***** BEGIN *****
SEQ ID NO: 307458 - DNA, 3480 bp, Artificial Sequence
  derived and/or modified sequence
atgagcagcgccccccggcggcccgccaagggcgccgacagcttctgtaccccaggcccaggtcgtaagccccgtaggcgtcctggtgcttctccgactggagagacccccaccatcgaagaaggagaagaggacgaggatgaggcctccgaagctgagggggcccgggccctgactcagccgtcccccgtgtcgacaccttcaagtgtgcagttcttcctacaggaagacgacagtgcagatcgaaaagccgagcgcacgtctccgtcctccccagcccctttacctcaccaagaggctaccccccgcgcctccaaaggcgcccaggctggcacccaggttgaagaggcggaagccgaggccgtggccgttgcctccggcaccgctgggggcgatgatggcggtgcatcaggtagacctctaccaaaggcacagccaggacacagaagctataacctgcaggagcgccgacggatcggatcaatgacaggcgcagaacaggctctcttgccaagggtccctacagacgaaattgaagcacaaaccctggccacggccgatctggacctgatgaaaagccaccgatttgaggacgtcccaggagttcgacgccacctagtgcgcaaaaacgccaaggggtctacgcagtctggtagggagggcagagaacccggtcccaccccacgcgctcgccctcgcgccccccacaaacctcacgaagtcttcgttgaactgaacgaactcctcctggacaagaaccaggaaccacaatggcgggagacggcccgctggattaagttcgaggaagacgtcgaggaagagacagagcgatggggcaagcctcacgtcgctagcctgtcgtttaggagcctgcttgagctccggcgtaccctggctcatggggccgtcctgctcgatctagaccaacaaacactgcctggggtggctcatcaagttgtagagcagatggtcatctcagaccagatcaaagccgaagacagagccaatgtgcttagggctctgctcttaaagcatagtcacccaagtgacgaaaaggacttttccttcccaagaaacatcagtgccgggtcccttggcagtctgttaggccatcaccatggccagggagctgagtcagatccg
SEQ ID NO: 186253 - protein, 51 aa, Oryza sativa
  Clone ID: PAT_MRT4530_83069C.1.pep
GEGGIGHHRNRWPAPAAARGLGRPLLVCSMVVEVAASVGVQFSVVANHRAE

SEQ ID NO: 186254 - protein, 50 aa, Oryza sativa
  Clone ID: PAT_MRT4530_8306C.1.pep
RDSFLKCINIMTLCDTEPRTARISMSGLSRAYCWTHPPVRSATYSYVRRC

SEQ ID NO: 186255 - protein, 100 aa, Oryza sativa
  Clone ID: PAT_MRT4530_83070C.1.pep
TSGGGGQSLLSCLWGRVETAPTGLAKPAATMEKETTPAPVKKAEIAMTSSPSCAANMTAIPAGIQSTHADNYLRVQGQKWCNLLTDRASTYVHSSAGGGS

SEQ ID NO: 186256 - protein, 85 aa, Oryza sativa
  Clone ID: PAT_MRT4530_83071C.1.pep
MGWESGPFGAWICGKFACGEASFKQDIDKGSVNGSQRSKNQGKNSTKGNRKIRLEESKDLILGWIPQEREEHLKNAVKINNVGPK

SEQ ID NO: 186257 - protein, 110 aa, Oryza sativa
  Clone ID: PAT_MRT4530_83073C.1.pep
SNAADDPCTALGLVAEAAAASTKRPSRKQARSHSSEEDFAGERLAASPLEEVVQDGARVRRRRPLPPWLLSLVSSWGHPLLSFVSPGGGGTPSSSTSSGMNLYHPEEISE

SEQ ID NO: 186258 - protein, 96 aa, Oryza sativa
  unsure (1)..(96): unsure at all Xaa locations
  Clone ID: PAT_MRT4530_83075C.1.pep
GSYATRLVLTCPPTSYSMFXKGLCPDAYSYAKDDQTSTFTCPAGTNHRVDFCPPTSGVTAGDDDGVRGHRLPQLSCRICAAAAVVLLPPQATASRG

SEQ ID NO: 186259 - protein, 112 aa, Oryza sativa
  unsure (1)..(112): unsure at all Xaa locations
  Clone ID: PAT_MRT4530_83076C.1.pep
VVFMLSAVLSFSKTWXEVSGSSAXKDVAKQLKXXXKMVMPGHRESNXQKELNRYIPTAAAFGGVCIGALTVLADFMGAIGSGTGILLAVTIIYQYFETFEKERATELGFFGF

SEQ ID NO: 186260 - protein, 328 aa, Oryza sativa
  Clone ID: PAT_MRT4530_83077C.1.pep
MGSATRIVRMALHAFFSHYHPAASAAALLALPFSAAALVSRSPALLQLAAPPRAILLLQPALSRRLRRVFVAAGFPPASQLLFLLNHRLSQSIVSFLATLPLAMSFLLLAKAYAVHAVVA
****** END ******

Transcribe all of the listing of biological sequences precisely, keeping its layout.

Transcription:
SEQ ID NO: 307458 - DNA, 3480 bp, Artificial Sequence
  derived and/or modified sequence
atgagcagcgccccccggcggcccgccaagggcgccgacagcttctgtaccccaggcccaggtcgtaagccccgtaggcgtcctggtgcttctccgactggagagacccccaccatcgaagaaggagaagaggacgaggatgaggcctccgaagctgagggggcccgggccctgactcagccgtcccccgtgtcgacaccttcaagtgtgcagttcttcctacaggaagacgacagtgcagatcgaaaagccgagcgcacgtctccgtcctccccagcccctttacctcaccaagaggctaccccccgcgcctccaaaggcgcccaggctggcacccaggttgaagaggcggaagccgaggccgtggccgttgcctccggcaccgctgggggcgatgatggcggtgcatcaggtagacctctaccaaaggcacagccaggacacagaagctataacctgcaggagcgccgacggatcggatcaatgacaggcgcagaacaggctctcttgccaagggtccctacagacgaaattgaagcacaaaccctggccacggccgatctggacctgatgaaaagccaccgatttgaggacgtcccaggagttcgacgccacctagtgcgcaaaaacgccaaggggtctacgcagtctggtagggagggcagagaacccggtcccaccccacgcgctcgccctcgcgccccccacaaacctcacgaagtcttcgttgaactgaacgaactcctcctggacaagaaccaggaaccacaatggcgggagacggcccgctggattaagttcgaggaagacgtcgaggaagagacagagcgatggggcaagcctcacgtcgctagcctgtcgtttaggagcctgcttgagctccggcgtaccctggctcatggggccgtcctgctcgatctagaccaacaaacactgcctggggtggctcatcaagttgtagagcagatggtcatctcagaccagatcaaagccgaagacagagccaatgtgcttagggctctgctcttaaagcatagtcacccaagtgacgaaaaggacttttccttcccaagaaacatcagtgccgggtcccttggcagtctgttaggccatcaccatggccagggagctgagtcagatccg
SEQ ID NO: 186253 - protein, 51 aa, Oryza sativa
  Clone ID: PAT_MRT4530_83069C.1.pep
GEGGIGHHRNRWPAPAAARGLGRPLLVCSMVVEVAASVGVQFSVVANHRAE

SEQ ID NO: 186254 - protein, 50 aa, Oryza sativa
  Clone ID: PAT_MRT4530_8306C.1.pep
RDSFLKCINIMTLCDTEPRTARISMSGLSRAYCWTHPPVRSATYSYVRRC

SEQ ID NO: 186255 - protein, 100 aa, Oryza sativa
  Clone ID: PAT_MRT4530_83070C.1.pep
TSGGGGQSLLSCLWGRVETAPTGLAKPAATMEKETTPAPVKKAEIAMTSSPSCAANMTAIPAGIQSTHADNYLRVQGQKWCNLLTDRASTYVHSSAGGGS

SEQ ID NO: 186256 - protein, 85 aa, Oryza sativa
  Clone ID: PAT_MRT4530_83071C.1.pep
MGWESGPFGAWICGKFACGEASFKQDIDKGSVNGSQRSKNQGKNSTKGNRKIRLEESKDLILGWIPQEREEHLKNAVKINNVGPK

SEQ ID NO: 186257 - protein, 110 aa, Oryza sativa
  Clone ID: PAT_MRT4530_83073C.1.pep
SNAADDPCTALGLVAEAAAASTKRPSRKQARSHSSEEDFAGERLAASPLEEVVQDGARVRRRRPLPPWLLSLVSSWGHPLLSFVSPGGGGTPSSSTSSGMNLYHPEEISE

SEQ ID NO: 186258 - protein, 96 aa, Oryza sativa
  unsure (1)..(96): unsure at all Xaa locations
  Clone ID: PAT_MRT4530_83075C.1.pep
GSYATRLVLTCPPTSYSMFXKGLCPDAYSYAKDDQTSTFTCPAGTNHRVDFCPPTSGVTAGDDDGVRGHRLPQLSCRICAAAAVVLLPPQATASRG

SEQ ID NO: 186259 - protein, 112 aa, Oryza sativa
  unsure (1)..(112): unsure at all Xaa locations
  Clone ID: PAT_MRT4530_83076C.1.pep
VVFMLSAVLSFSKTWXEVSGSSAXKDVAKQLKXXXKMVMPGHRESNXQKELNRYIPTAAAFGGVCIGALTVLADFMGAIGSGTGILLAVTIIYQYFETFEKERATELGFFGF

SEQ ID NO: 186260 - protein, 328 aa, Oryza sativa
  Clone ID: PAT_MRT4530_83077C.1.pep
MGSATRIVRMALHAFFSHYHPAASAAALLALPFSAAALVSRSPALLQLAAPPRAILLLQPALSRRLRRVFVAAGFPPASQLLFLLNHRLSQSIVSFLATLPLAMSFLLLAKAYAVHAVVA